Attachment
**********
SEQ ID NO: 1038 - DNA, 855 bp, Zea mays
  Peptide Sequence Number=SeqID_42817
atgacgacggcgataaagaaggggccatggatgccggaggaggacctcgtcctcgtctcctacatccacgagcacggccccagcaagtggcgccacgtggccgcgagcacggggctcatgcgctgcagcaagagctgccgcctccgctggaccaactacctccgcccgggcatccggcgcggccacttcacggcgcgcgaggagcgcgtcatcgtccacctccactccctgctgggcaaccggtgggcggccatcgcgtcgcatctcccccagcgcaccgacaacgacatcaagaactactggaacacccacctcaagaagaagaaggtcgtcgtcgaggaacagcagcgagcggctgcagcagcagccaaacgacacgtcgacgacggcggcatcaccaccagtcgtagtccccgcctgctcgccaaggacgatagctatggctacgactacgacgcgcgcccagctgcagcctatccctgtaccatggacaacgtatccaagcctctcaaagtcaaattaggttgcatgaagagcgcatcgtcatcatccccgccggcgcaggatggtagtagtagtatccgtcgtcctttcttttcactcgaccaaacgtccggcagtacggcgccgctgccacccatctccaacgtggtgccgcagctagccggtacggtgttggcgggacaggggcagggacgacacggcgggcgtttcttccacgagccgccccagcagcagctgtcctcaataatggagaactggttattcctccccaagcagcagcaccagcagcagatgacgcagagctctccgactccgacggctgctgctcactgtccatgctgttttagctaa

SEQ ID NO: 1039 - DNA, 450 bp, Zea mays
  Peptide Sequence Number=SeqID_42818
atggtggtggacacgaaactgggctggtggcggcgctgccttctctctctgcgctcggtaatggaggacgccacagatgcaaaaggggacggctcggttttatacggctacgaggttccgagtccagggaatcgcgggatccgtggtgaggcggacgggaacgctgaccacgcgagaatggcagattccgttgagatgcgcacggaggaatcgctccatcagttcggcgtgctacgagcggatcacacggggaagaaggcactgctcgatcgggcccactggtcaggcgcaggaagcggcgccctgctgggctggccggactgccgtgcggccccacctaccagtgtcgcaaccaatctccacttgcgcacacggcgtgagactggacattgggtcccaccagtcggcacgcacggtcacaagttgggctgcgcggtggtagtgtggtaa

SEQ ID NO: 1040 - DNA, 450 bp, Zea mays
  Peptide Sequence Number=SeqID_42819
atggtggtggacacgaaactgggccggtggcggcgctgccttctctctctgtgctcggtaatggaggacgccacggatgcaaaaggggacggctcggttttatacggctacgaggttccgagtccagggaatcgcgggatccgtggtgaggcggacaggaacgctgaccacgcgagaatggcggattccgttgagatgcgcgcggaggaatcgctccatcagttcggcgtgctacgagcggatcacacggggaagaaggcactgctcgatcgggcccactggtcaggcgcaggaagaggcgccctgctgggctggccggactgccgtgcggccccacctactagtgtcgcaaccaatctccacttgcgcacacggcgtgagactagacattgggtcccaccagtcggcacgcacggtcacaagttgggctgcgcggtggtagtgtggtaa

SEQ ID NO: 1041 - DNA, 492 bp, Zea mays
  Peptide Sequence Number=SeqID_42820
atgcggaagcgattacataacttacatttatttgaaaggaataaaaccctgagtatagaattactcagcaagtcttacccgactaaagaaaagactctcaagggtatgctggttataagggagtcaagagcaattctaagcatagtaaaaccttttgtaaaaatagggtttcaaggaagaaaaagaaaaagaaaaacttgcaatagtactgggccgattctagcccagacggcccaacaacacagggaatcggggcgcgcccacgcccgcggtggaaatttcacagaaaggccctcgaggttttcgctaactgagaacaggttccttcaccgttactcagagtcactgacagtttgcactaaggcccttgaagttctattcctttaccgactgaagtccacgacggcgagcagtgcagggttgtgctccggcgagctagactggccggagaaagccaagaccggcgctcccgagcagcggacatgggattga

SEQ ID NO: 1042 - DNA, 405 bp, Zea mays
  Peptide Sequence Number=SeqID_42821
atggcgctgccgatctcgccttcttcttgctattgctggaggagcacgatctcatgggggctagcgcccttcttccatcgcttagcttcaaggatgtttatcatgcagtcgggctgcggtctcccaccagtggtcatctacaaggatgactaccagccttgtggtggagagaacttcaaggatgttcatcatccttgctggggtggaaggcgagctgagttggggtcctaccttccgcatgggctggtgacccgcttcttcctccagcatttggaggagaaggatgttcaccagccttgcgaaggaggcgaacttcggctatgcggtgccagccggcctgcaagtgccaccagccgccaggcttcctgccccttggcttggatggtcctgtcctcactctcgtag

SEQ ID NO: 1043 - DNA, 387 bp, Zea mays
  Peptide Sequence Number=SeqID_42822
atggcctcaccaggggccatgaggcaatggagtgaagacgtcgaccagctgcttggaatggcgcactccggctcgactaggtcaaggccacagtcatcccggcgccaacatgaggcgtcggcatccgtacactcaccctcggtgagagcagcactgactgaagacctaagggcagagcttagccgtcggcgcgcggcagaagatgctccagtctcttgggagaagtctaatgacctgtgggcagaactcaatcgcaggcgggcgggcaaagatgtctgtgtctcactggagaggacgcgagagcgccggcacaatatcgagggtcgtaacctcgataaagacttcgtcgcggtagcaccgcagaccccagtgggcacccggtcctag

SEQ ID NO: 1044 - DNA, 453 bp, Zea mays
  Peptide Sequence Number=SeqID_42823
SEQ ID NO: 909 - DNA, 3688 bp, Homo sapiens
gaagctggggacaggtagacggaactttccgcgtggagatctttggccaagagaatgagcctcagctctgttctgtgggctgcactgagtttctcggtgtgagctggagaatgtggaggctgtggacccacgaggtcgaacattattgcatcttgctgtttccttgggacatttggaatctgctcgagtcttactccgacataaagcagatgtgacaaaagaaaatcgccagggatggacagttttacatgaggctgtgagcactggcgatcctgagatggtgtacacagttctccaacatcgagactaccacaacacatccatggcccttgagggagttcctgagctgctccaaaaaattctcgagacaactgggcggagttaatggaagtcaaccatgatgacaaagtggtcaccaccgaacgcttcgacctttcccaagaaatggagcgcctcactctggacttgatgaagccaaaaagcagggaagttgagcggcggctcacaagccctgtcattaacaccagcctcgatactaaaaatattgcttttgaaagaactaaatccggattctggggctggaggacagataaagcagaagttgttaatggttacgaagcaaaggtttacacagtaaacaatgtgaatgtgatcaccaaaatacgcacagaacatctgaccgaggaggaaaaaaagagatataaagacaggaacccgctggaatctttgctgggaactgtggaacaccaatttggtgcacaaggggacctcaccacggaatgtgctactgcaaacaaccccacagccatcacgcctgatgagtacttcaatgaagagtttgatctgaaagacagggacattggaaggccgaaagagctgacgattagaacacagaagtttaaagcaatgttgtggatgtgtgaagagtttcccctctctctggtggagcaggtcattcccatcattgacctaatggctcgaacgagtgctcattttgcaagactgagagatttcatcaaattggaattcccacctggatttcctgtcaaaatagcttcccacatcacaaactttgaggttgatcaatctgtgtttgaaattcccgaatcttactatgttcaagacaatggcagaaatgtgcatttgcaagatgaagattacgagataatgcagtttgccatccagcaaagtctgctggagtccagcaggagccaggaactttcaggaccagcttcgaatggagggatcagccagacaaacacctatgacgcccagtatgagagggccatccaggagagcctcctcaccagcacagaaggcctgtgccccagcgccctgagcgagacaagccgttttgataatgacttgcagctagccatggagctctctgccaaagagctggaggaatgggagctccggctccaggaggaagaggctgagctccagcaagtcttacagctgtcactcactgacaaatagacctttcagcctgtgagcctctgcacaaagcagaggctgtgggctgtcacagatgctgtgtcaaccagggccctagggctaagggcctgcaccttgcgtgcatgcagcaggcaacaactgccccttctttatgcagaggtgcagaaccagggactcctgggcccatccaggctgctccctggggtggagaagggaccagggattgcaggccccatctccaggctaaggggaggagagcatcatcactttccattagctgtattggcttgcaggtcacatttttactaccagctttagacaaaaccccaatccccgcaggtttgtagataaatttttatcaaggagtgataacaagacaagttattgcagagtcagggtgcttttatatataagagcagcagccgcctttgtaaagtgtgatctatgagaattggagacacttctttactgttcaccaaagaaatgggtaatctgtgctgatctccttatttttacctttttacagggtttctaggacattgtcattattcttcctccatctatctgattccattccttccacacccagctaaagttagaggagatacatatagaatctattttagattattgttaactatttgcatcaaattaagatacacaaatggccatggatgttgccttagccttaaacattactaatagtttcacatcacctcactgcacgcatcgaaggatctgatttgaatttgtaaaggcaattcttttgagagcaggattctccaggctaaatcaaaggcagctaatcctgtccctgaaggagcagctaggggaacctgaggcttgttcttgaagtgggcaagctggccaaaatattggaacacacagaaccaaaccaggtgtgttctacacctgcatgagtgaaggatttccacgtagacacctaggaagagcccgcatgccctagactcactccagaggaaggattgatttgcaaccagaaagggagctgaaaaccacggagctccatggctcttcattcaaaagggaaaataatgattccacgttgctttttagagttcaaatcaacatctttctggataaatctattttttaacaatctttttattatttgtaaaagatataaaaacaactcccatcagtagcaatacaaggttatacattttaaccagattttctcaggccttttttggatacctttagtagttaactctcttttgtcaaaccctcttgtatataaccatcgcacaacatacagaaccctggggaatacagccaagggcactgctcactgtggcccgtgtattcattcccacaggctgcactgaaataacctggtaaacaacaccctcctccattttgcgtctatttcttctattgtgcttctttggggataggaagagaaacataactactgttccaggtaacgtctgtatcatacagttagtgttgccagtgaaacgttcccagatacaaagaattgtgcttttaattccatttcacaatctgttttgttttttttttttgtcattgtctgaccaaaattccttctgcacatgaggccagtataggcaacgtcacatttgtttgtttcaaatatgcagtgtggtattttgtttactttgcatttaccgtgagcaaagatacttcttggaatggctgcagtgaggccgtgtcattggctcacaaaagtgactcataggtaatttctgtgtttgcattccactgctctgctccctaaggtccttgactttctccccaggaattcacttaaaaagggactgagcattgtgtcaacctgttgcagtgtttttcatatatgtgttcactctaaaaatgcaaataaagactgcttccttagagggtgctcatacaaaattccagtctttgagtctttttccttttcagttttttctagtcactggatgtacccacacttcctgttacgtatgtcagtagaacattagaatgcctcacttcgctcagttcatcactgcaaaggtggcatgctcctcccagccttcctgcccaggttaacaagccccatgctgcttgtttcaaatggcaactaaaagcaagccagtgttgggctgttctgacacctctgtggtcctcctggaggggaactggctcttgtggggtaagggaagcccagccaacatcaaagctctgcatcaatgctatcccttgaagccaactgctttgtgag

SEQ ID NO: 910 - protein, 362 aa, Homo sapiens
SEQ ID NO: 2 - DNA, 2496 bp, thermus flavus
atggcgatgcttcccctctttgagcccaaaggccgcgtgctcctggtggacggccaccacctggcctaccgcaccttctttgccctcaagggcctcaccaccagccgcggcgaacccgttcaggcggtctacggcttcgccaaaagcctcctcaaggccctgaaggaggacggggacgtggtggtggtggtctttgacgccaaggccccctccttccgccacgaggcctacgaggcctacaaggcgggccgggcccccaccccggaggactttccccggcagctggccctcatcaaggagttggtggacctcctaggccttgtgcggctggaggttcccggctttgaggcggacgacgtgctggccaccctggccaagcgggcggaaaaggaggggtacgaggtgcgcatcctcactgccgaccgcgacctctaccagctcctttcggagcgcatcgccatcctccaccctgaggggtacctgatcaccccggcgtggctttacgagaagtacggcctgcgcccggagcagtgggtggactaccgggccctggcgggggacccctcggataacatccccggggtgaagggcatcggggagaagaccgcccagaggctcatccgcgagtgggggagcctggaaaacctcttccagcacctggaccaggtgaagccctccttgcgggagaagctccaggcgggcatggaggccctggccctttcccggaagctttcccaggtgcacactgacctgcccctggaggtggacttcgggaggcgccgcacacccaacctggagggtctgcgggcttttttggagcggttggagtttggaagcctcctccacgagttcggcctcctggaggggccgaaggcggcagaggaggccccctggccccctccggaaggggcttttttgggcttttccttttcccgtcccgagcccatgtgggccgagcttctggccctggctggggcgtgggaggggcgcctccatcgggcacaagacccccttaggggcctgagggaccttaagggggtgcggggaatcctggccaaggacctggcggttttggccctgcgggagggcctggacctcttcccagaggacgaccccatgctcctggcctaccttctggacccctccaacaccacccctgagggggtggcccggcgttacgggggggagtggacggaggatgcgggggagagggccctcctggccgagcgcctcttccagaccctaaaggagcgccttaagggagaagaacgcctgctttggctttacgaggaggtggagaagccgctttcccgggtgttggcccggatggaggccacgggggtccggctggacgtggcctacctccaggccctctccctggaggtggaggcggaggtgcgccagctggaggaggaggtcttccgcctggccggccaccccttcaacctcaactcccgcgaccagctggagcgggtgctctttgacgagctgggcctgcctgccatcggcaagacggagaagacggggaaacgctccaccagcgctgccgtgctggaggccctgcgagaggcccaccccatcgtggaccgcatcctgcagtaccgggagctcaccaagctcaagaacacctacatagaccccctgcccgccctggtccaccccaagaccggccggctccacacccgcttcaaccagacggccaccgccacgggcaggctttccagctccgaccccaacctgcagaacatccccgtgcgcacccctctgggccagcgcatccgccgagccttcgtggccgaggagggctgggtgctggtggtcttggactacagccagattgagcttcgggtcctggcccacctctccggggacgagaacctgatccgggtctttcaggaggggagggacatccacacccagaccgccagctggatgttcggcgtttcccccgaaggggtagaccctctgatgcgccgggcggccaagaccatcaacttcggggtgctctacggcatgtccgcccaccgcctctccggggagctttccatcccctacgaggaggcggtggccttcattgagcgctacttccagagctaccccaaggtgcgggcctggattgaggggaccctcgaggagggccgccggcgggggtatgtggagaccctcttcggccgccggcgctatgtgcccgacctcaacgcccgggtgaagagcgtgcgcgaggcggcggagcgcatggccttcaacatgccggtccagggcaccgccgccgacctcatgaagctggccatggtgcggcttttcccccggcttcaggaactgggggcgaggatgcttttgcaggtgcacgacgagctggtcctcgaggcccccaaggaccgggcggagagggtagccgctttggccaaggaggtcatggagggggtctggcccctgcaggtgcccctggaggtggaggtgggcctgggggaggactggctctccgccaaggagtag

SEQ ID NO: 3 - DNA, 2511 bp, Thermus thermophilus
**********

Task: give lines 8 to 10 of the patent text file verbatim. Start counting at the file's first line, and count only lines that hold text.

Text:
  Peptide Sequence Number=SeqID_42819
atggtggtggacacgaaactgggccggtggcggcgctgccttctctctctgtgctcggtaatggaggacgccacggatgcaaaaggggacggctcggttttatacggctacgaggttccgagtccagggaatcgcgggatccgtggtgaggcggacaggaacgctgaccacgcgagaatggcggattccgttgagatgcgcgcggaggaatcgctccatcagttcggcgtgctacgagcggatcacacggggaagaaggcactgctcgatcgggcccactggtcaggcgcaggaagaggcgccctgctgggctggccggactgccgtgcggccccacctactagtgtcgcaaccaatctccacttgcgcacacggcgtgagactagacattgggtcccaccagtcggcacgcacggtcacaagttgggctgcgcggtggtagtgtggtaa

SEQ ID NO: 1041 - DNA, 492 bp, Zea mays